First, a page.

WVU Prof: Benzene being emitted from local drilling sites
WHEELING – After studying seven different natural gas drilling sites in Wetzel, Brooke and Marion counties, Michael McCawley found high levels of cancer-causing benzene being emitted into the air.
McCawley, chairman of the West Virginia University Public School of Health, released the findings of his report titled “Air, Noise, and Light Monitoring Results For Assessing Environmental Impacts of Horizontal Gas Well Drilling Operations” during Friday’s Public Health Conference at Oglebay Park. The event was organized by the Wheeling-Ohio County Health Department.
McCawley said a similar study is expected to occur in other Northern Panhandle counties, including Ohio, but said this one will also concentrate on air samples related to diesel emissions. The new study will also include long-term health data from local hospitals.
He said the main purpose of his latest study, which was contracted by the West Virginia Department of Environmental Protection, is to provide data to state legislators who will likely use it to write laws related to emissions standards for well pad sites. McCawley added he believes legislators may give the responsibility of crafting the laws or ordinances to counties instead. The study has not yet been presented to the state Legislature, but is available on the state DEP website, he noted.
“There were hydrocarbons (benzene, toluene, ethylbenzene and xylene) found at all the sites. There was only one that was of some concern – a site with a high benzene concentration,” McCawley said, referring to the Maury pad in Wetzel County.
McCawley said a normal range of benzene in parts per billion is between 1-30. The level found at the Maury pad was 85 parts per billion. He noted the other sites’ benzene levels were more like the type of exposure one would experience while living in a city.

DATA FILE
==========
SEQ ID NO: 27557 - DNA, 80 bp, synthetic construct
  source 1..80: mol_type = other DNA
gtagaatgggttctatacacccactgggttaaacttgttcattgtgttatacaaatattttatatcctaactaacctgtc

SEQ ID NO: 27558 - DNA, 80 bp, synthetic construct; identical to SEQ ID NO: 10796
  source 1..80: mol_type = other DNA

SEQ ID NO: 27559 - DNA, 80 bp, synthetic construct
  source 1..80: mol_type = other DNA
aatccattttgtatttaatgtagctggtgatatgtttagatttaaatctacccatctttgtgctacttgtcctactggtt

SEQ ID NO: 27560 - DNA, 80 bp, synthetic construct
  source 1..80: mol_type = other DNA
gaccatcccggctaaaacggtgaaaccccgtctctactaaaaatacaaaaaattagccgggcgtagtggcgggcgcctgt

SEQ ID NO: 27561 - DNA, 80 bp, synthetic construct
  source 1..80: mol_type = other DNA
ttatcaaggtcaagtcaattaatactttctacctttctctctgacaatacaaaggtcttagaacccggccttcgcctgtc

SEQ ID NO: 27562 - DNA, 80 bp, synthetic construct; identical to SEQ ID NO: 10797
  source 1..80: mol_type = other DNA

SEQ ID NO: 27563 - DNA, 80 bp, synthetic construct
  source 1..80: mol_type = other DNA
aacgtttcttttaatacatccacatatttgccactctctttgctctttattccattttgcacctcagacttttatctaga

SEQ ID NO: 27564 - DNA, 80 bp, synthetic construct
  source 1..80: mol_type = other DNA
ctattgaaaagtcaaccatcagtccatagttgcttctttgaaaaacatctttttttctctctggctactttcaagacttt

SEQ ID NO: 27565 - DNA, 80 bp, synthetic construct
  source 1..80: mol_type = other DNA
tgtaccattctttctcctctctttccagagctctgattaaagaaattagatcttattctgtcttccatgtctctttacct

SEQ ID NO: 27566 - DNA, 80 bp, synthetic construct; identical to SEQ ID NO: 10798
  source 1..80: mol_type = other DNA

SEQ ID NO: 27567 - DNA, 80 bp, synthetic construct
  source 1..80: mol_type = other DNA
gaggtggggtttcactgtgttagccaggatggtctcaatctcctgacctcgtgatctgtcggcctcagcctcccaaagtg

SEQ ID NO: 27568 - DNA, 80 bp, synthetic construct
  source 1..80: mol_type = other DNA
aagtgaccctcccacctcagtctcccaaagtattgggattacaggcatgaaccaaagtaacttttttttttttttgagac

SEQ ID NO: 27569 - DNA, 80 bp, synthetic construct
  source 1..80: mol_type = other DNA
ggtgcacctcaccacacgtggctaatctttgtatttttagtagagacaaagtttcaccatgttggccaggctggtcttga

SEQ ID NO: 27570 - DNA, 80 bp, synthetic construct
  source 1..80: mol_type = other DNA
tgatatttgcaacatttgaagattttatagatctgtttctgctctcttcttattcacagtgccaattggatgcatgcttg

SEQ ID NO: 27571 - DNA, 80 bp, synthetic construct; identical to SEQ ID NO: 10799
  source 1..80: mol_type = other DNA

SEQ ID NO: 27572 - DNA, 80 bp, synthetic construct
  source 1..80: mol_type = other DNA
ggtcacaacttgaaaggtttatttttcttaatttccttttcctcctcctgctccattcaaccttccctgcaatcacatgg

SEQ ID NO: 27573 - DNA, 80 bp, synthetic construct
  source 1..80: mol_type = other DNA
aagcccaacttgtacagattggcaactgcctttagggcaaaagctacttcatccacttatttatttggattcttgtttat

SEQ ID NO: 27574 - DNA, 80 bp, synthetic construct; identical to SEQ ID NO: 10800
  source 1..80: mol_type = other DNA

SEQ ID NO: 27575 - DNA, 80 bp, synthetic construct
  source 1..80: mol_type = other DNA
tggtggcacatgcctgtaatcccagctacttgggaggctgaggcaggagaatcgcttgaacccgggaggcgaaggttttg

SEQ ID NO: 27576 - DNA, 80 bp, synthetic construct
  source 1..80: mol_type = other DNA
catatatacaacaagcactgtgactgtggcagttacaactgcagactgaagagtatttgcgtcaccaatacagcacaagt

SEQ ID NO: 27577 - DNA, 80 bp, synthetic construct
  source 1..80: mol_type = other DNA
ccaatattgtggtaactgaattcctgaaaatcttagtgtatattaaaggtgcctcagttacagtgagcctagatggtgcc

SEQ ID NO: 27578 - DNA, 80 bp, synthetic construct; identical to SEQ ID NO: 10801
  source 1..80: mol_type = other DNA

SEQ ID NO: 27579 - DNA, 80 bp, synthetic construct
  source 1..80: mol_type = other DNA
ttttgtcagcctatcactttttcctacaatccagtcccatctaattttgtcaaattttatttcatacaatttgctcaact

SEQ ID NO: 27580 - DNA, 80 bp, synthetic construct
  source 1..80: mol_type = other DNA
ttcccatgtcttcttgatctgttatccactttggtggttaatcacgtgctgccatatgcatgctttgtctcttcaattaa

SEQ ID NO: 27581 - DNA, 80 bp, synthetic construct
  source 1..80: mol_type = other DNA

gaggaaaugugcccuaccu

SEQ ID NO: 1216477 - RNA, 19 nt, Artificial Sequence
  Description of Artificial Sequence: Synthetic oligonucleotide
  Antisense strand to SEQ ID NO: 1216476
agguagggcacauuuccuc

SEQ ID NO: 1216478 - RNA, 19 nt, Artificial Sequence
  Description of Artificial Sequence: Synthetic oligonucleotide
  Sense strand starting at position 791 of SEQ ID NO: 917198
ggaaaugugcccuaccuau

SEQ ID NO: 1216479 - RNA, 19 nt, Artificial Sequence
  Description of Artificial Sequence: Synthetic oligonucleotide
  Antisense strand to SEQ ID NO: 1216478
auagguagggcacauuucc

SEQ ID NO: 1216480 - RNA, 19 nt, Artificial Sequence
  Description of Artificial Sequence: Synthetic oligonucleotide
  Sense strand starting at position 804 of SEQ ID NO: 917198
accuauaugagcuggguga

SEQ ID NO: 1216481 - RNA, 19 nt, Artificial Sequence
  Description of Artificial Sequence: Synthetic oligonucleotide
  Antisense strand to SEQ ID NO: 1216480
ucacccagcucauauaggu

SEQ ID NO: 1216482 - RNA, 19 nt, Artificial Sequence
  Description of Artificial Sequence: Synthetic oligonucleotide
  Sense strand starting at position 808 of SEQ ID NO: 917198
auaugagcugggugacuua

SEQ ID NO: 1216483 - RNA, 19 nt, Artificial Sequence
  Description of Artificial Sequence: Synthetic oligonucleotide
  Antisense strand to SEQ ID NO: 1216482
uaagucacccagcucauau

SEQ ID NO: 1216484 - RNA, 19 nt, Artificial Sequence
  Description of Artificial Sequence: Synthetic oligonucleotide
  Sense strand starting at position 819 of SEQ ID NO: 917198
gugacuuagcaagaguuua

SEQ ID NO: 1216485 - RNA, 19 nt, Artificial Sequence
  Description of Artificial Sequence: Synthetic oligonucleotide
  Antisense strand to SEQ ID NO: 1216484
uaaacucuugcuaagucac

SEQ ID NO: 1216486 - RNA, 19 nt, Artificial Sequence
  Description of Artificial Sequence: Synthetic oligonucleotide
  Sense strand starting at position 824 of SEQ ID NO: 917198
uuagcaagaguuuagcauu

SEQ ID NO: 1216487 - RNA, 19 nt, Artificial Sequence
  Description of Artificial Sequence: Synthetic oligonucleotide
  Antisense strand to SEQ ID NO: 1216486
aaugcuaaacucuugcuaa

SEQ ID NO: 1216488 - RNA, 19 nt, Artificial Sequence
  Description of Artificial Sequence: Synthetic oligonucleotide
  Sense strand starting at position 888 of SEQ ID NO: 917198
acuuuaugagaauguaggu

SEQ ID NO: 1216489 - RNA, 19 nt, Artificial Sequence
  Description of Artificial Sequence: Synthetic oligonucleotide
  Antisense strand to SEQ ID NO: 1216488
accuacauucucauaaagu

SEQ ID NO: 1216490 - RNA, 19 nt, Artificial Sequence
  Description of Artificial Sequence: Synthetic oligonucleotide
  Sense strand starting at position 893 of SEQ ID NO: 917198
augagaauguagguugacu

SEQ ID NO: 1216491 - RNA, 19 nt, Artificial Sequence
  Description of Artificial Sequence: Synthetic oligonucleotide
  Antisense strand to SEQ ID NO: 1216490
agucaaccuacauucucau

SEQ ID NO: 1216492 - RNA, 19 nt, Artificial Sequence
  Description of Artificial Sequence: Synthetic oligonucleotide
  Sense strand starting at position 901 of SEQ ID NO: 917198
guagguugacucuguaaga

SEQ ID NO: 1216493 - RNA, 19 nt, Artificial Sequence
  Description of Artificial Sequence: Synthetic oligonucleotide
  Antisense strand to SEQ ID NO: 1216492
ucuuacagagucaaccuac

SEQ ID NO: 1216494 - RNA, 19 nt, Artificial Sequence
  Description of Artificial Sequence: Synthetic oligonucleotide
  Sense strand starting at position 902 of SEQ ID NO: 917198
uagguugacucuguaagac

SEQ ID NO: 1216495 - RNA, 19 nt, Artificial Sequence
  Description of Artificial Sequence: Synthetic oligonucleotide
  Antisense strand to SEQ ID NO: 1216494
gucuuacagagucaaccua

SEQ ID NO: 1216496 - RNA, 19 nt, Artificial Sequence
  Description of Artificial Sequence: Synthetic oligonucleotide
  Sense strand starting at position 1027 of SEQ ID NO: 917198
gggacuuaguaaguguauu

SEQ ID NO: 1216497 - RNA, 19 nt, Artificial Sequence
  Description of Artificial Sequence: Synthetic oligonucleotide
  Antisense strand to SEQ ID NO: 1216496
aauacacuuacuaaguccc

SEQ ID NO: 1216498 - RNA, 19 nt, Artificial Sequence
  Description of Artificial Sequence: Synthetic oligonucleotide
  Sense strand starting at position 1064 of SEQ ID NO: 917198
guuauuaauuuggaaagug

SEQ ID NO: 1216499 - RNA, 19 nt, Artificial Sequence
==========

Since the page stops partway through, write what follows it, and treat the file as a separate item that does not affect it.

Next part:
The well pad sites, which were operated by three different companies, were monitored between three and seven days, at different points in the drilling process and included: the Donna pad in Marion County, the West Virginia Division of Natural Resources A pad in Brooke County, and the Weekly, Wetzel 2 and 3, Maury and Lemons pads in Wetzel County.
McCawley believes the benzene may have been coming mostly from the diesel trucks, as the truck activity was higher at the Maury site compared to the others.
“Benzene is a carcinogen and causes leukemia,” McCawley said. “There is no level at which there is no risk. However, the lower the level, the lower the risk is likely to be. … In the debates to follow this, people will be talking about this at their own level of subjectivity.”
He said sampling should not be done at a specific distance from the well pad sites, such as 625 feet as suggested by legislators, because the activity is occurring in and all around the sites. It should be done in the most sensitive areas.
“That’s not the only source of air pollution and noise. The roads leading in and out are also sources of air pollution and noise,” McCawley said.
The study also revealed there were no light emission problems; dust levels were above average; noise levels often were above 55 decibels but below the federal EPA’s daily long-term level of 70 decibels; and airborne radiation levels were near zero.
“The concern I have with noise and populations is that studies have shown that interfering with sleep, as noise can do, can cause a rise in hypertension,” McCawley said. “We have problems with hypertension already here in West Virginia. The levels that can interfere with sleep are above 55 decibels. … The noise on the pad when they are fracking runs about 120-130 decibels. That’s enough to cause serious damage and enough to be painful if not wearing protection.”
The data were collected via air monitoring equipment designed by McCawley, who also is associate research professor at the WVU Department of Occupational & Environmental Health Sciences. Data collected by the equipment were checked via computer in Morgantown.